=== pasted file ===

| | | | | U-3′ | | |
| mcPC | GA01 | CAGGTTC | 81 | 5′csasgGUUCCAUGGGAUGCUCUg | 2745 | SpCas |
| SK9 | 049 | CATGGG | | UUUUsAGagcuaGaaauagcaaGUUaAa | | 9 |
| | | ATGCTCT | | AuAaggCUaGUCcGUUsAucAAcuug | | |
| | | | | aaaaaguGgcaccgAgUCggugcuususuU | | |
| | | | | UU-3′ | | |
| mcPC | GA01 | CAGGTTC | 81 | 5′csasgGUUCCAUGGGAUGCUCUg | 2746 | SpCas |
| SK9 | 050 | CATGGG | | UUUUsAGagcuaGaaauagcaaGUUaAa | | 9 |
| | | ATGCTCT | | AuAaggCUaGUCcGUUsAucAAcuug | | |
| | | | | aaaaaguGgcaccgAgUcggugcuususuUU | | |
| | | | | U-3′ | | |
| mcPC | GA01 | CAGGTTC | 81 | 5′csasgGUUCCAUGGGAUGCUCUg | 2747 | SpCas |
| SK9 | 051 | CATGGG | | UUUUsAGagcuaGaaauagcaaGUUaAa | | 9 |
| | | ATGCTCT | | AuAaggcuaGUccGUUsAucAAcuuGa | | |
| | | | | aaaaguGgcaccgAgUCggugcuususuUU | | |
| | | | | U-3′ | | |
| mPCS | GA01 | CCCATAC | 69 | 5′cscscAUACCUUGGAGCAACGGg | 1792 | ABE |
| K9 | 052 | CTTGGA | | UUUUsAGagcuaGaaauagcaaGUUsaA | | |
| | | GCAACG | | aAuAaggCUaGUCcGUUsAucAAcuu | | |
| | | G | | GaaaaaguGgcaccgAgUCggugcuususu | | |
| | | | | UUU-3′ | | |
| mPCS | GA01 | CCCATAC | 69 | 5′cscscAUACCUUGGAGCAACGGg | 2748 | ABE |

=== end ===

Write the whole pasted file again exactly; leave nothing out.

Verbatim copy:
| | | | | U-3′ | | |
| mcPC | GA01 | CAGGTTC | 81 | 5′csasgGUUCCAUGGGAUGCUCUg | 2745 | SpCas |
| SK9 | 049 | CATGGG | | UUUUsAGagcuaGaaauagcaaGUUaAa | | 9 |
| | | ATGCTCT | | AuAaggCUaGUCcGUUsAucAAcuug | | |
| | | | | aaaaaguGgcaccgAgUCggugcuususuU | | |
| | | | | UU-3′ | | |
| mcPC | GA01 | CAGGTTC | 81 | 5′csasgGUUCCAUGGGAUGCUCUg | 2746 | SpCas |
| SK9 | 050 | CATGGG | | UUUUsAGagcuaGaaauagcaaGUUaAa | | 9 |
| | | ATGCTCT | | AuAaggCUaGUCcGUUsAucAAcuug | | |
| | | | | aaaaaguGgcaccgAgUcggugcuususuUU | | |
| | | | | U-3′ | | |
| mcPC | GA01 | CAGGTTC | 81 | 5′csasgGUUCCAUGGGAUGCUCUg | 2747 | SpCas |
| SK9 | 051 | CATGGG | | UUUUsAGagcuaGaaauagcaaGUUaAa | | 9 |
| | | ATGCTCT | | AuAaggcuaGUccGUUsAucAAcuuGa | | |
| | | | | aaaaguGgcaccgAgUCggugcuususuUU | | |
| | | | | U-3′ | | |
| mPCS | GA01 | CCCATAC | 69 | 5′cscscAUACCUUGGAGCAACGGg | 1792 | ABE |
| K9 | 052 | CTTGGA | | UUUUsAGagcuaGaaauagcaaGUUsaA | | |
| | | GCAACG | | aAuAaggCUaGUCcGUUsAucAAcuu | | |
| | | G | | GaaaaaguGgcaccgAgUCggugcuususu | | |
| | | | | UUU-3′ | | |
| mPCS | GA01 | CCCATAC | 69 | 5′cscscAUACCUUGGAGCAACGGg | 2748 | ABE |